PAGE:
Typically, this debugging method is used for user interfaces and requires interaction with the application by entering data and collecting results - from the screen, from reports or printouts.
The tester thus interacts with the software by input, acting on switches, buttons or other interfaces. The choice of inputs, the order in which they are entered, or the sequence of actions can lead to a gigantic total number of combinations, as can be seen in the following example.
How many tests do you need to run to test all possible values for 4 checkboxes and one two-position field that specifies the time in seconds? For the firstthe calculation is simple: 4 fields with two possible states - 24=16, which must be multiplied by the number of possible positions from 00 to 99, that is, 1600 possible tests.
However, this calculation is wrong: we can determine that a two-position field can also contain a space, i.e. it consists of two alphanumeric positions and can include alphabetic characters, special characters, spaces, etc. Thus, if the system is a 16-bit computer, then there are 216=65,536 options for each position, resulting in 4,294,967,296 test cases, which must be multiplied by 16 combinations for flags, for a total of 68,719,476 736. If they are performed at a rate of 1 test per second, then the total duration of testing will be 2,177.5 years. For 32 or 64 bit systems, the duration is even longer.
Therefore, there is a need to reduce this period to an acceptable value. Thus, techniques should be applied to reduce the number of test cases without reducing the coverage of testing.
Equivalent partitioning is a simple method applicable to any variables present in the software, be it input or output values, character, numeric, etc. It is based on the principle that all data from one equivalent partition will be processed in the same way and with the same instructions.
During testing, one representative from eacha certain equivalent partition. This allows you to systematically reduce the number of possible test cases without losing command and function coverage.
Another consequence of this partitioning is the reduction in the combinatorial explosion between different variables and the associated reduction in test cases.
For example, in (1/x)1/2there are three data sequences, three equivalent partitions:
1. All positive numbers will be processed in the same way and should produce correct results.
2. All negative numbers will be treated the same way, with the same result. This is incorrect, since the square root of a negative number is imaginary.
3. Zero will be treated separately and will give a "divide by zero" error. This is a single value section.
So we see three different sections, one of which is reduced to a single value. There is one "correct" section that gives reliable results, and two "wrong" ones with incorrect results.
Processing of data at the boundaries of an equivalent split may be performed differently than expected. Boundary value analysis is a well-known way to analyze the behavior of software in such areas. This technique allows you to identify errors such as:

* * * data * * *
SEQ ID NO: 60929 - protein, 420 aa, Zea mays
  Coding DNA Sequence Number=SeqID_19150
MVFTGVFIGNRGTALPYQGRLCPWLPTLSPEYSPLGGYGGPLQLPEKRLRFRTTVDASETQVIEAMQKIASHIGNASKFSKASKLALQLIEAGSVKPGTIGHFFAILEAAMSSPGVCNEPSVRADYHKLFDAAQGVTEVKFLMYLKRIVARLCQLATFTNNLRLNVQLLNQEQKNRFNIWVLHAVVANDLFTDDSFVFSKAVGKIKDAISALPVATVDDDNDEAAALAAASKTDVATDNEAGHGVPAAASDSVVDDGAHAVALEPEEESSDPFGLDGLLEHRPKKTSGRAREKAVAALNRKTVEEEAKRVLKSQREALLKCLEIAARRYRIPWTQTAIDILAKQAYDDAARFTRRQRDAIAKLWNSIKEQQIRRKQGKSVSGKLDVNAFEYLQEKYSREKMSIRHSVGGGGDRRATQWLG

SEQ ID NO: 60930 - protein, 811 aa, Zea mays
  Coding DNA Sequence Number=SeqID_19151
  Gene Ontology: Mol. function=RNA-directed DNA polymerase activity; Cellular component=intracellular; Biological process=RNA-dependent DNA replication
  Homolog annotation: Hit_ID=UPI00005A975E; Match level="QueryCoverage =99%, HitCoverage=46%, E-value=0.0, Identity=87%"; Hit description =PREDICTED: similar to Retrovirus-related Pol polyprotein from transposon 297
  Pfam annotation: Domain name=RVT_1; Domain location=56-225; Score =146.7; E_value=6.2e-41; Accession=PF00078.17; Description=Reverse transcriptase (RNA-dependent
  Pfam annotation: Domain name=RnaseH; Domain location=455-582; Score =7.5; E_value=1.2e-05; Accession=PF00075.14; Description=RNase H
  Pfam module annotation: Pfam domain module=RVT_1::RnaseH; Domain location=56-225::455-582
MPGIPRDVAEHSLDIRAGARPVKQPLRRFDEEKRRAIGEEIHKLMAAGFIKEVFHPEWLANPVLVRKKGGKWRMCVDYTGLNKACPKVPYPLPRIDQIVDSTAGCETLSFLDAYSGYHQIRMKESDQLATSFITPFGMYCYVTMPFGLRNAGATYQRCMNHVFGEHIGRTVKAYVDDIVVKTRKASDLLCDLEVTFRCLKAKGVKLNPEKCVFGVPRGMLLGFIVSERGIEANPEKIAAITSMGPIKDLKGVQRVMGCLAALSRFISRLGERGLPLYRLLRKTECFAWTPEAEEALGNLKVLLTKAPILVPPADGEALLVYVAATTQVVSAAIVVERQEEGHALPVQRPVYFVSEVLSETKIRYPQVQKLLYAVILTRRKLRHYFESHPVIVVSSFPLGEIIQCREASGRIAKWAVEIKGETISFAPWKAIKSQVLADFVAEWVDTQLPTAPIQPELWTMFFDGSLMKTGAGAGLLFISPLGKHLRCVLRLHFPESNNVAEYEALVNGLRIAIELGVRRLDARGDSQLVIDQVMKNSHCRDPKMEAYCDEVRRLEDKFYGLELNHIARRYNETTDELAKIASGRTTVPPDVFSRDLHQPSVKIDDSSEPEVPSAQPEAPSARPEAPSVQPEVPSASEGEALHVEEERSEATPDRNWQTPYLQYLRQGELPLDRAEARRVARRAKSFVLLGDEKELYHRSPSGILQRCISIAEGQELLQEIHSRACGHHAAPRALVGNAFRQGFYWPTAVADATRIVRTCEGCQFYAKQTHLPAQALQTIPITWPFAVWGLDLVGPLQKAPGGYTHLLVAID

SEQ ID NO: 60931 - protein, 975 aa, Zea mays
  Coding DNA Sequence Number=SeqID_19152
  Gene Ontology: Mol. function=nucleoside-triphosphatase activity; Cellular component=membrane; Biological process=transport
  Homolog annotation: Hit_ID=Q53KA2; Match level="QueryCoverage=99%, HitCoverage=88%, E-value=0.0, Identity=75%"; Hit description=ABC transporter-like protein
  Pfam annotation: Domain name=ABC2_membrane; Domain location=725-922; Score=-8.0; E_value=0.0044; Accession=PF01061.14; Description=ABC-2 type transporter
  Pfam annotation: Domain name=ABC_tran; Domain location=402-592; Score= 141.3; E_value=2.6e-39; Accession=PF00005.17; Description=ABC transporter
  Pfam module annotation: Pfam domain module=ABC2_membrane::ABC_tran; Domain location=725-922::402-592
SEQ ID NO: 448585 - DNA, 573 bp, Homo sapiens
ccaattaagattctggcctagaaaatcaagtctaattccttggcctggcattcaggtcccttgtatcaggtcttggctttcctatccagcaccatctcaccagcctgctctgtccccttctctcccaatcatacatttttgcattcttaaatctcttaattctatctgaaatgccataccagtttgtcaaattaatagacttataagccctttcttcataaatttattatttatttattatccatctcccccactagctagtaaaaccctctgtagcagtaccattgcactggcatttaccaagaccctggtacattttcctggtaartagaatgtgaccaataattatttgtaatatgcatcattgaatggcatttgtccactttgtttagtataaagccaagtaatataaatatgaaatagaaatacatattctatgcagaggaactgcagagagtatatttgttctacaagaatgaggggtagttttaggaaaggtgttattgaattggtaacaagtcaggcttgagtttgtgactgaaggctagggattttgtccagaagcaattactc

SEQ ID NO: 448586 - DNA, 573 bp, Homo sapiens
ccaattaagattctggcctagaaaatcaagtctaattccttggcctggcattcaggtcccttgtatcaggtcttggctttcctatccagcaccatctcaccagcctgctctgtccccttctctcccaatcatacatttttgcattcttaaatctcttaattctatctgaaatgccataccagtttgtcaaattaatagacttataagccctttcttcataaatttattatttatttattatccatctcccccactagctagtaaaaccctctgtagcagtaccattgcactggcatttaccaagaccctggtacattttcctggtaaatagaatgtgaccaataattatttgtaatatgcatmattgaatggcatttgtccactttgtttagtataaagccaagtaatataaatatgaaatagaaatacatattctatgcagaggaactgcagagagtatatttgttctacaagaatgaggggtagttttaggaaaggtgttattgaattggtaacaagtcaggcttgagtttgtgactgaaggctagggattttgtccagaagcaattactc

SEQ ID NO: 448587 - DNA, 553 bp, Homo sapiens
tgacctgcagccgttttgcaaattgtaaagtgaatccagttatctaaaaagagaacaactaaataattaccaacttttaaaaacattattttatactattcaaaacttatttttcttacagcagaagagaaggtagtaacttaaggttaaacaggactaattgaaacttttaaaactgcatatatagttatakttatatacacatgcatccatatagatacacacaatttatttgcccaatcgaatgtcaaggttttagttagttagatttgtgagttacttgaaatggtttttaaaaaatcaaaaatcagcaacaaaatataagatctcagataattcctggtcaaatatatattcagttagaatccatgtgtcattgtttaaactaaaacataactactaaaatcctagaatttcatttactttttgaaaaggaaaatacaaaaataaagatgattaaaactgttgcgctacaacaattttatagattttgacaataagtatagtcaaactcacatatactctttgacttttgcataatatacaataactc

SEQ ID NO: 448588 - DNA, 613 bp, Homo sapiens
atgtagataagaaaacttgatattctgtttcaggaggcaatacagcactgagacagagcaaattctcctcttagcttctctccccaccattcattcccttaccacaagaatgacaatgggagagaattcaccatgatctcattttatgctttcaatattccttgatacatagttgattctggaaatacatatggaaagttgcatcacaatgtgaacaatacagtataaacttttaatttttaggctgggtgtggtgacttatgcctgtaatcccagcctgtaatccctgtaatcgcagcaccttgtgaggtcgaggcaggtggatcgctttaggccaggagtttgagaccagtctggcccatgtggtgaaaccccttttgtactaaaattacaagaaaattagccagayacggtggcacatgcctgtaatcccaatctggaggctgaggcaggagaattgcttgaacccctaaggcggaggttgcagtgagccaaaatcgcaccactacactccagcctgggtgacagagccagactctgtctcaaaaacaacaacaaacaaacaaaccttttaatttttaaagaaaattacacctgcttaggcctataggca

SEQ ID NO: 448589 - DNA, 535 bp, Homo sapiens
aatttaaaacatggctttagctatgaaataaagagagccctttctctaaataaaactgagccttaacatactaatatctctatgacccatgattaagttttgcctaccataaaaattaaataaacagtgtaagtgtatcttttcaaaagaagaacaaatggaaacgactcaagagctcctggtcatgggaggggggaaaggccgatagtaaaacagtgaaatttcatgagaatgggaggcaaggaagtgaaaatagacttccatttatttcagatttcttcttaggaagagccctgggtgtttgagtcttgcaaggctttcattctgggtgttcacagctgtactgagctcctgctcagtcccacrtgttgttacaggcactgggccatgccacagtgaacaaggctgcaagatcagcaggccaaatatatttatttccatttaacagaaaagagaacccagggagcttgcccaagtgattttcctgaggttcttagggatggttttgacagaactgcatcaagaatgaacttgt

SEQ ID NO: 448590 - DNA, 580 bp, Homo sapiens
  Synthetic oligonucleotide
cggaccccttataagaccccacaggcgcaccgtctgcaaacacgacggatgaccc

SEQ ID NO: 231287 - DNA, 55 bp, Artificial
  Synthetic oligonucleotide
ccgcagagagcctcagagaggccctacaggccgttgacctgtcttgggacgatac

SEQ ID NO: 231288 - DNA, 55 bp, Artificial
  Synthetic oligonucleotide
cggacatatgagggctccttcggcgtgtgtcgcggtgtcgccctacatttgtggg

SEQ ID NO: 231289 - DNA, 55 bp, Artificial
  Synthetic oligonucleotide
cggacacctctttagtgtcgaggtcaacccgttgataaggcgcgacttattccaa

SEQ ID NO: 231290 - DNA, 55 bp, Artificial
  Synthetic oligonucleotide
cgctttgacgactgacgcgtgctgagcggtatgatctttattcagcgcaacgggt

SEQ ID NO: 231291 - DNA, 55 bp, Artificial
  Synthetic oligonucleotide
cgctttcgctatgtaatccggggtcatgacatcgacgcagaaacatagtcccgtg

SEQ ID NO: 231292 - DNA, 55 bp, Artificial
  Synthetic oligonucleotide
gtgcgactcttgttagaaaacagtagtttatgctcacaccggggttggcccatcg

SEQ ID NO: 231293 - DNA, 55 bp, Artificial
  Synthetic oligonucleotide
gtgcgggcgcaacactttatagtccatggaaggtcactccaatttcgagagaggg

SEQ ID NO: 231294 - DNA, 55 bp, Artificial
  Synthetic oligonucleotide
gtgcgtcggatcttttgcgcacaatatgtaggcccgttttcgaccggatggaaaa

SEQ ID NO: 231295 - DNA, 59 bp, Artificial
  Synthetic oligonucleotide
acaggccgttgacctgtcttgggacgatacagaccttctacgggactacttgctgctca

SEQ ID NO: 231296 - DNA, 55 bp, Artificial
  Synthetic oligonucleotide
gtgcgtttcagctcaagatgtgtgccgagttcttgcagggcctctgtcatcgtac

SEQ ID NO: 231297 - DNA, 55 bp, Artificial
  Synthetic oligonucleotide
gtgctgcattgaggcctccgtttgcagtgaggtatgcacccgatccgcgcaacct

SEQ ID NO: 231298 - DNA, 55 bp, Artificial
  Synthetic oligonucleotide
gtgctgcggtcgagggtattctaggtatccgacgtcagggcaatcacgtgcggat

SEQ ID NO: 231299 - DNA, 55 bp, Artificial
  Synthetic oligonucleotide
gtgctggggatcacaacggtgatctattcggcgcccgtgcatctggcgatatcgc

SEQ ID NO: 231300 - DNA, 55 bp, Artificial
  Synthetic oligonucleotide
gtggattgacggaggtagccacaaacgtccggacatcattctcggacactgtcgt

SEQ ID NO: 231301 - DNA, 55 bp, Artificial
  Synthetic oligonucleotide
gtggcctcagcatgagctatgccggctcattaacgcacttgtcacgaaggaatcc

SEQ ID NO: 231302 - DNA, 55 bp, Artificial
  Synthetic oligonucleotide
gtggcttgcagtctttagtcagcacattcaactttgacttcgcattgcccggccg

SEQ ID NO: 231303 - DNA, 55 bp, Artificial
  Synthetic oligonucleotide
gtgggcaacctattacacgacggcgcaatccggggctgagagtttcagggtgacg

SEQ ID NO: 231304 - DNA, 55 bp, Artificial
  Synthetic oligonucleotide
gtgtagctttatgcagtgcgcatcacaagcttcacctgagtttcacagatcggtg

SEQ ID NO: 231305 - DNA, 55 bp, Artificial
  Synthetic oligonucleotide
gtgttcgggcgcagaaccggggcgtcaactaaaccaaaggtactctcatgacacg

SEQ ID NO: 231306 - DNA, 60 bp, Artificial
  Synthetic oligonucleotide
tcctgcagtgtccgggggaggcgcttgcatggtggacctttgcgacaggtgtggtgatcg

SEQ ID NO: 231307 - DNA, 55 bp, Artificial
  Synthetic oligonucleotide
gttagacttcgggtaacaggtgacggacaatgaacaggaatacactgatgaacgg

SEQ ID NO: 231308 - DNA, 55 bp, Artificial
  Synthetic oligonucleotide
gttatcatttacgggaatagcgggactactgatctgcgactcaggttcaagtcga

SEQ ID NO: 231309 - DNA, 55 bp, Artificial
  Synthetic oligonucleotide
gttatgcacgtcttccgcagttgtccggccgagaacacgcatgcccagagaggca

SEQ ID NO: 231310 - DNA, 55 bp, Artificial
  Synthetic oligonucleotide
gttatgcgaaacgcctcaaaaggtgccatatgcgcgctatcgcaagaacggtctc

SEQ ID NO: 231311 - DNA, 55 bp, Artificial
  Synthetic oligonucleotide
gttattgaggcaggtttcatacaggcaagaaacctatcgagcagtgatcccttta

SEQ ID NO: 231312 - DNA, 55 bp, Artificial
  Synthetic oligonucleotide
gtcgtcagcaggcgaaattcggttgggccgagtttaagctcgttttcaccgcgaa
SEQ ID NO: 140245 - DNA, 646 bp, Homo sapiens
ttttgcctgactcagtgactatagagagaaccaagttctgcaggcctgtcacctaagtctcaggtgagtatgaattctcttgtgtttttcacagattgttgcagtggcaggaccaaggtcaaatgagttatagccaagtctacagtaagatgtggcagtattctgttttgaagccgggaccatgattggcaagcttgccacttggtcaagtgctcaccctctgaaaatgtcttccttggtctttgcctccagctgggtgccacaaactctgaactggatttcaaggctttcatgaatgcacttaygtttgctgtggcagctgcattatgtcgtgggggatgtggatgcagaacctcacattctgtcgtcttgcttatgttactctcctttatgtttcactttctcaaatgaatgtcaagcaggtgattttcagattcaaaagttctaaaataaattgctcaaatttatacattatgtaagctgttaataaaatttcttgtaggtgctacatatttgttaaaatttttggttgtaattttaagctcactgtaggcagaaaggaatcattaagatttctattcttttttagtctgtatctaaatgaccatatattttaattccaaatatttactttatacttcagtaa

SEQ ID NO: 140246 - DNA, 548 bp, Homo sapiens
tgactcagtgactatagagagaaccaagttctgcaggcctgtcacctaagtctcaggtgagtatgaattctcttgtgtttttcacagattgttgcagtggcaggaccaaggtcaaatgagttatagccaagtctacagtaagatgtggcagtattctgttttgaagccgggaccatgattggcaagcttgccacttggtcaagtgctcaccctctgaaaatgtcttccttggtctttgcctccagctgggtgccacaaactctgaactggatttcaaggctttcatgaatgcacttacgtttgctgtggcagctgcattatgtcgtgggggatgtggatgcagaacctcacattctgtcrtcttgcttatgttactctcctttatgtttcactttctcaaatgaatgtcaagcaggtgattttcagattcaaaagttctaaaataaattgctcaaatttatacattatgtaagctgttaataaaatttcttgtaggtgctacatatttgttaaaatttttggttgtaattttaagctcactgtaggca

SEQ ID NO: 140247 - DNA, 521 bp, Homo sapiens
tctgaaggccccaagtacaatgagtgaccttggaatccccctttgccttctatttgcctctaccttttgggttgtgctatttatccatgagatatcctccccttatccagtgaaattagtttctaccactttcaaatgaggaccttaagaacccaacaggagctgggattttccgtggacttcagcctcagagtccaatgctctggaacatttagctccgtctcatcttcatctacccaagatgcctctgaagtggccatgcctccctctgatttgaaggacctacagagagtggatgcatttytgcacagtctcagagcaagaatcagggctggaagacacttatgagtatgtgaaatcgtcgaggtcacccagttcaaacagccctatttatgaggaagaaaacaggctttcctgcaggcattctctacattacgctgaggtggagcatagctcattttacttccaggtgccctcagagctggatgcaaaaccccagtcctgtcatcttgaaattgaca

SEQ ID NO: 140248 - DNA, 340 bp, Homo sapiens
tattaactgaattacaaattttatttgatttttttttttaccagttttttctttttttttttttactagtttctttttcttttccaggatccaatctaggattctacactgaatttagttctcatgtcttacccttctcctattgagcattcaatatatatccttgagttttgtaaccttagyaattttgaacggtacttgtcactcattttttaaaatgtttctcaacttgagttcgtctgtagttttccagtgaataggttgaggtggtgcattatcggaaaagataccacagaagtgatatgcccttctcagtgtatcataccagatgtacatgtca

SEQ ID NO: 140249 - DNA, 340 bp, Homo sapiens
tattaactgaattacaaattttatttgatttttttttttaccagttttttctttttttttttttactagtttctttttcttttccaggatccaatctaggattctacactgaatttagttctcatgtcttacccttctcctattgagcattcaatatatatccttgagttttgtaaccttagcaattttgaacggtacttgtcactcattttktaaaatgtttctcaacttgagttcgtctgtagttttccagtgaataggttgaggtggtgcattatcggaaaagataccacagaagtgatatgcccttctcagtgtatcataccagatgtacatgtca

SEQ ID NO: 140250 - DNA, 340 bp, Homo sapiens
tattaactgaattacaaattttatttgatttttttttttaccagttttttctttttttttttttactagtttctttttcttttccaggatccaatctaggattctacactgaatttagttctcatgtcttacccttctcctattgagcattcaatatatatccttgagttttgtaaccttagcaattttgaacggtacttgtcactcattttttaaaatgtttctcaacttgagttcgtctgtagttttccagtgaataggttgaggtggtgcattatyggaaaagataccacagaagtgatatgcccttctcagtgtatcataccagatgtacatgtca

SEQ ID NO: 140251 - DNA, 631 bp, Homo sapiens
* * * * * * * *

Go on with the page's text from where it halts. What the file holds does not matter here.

- incorrect use of relational operators (,=, ≠, ≧, ≦);
- single errors;
- problems in loops and iterations,
- wrong types or sizes of variables used to store information;
- artificial data constraintsand variable types.
The gray box method increases the coverage of the check, allowing you to focus on all levels of a complex system by combining white and black methods.
When using this technique, the tester must have knowledge of internal data structures and algorithms to design test values. Examples of gray box testing techniques are:
- architectural model;
- Unified Modeling Language (UML);
- state model (state machine).
In the gray box method for developing test cases, module codes are studied in white technique, and the actual testing is performed on program interfaces in black technique.
Such testing methods have the following advantages:
- combining the benefits of white box and black box techniques;
- tester relies on interface and functional specification, not source code;
- debugger can create great test scripts;
- validation is done from the point of view of the user, not the program designer;
- create custom test developments;
- test coverage is limited due to no access to source code;
- difficulty in finding defects in distributed applications;
- many paths remain unexplored;
- if the software developersoftware has already run a check, further investigation may be redundant.
Another name for the gray box technique is translucent debugging.
This category includes the following testing methods:
1) orthogonal array - using a subset of all possible combinations;
2) matrix debugging using program state data;
3) regression check carried out when new changes are made to the software;
4) a pattern test that analyzes the design and architecture of a good app.
Comparison of software testing methods
The use of all dynamic methods leads to a combinatorial explosion in the number of tests that must be developed, implemented and run. Each technique should be used pragmatically, taking into account its limitations.
There is no single correct method, only those that are better suited to a particular context. Structural techniques allow you to find useless or malicious code, but they are complex and not applicable to large programs. Specification-based methods are the only ones that can detect the missing code, but they cannot identify the extraneous one. Some techniques are more suited to a particular level of testing, type of bug, or context than others.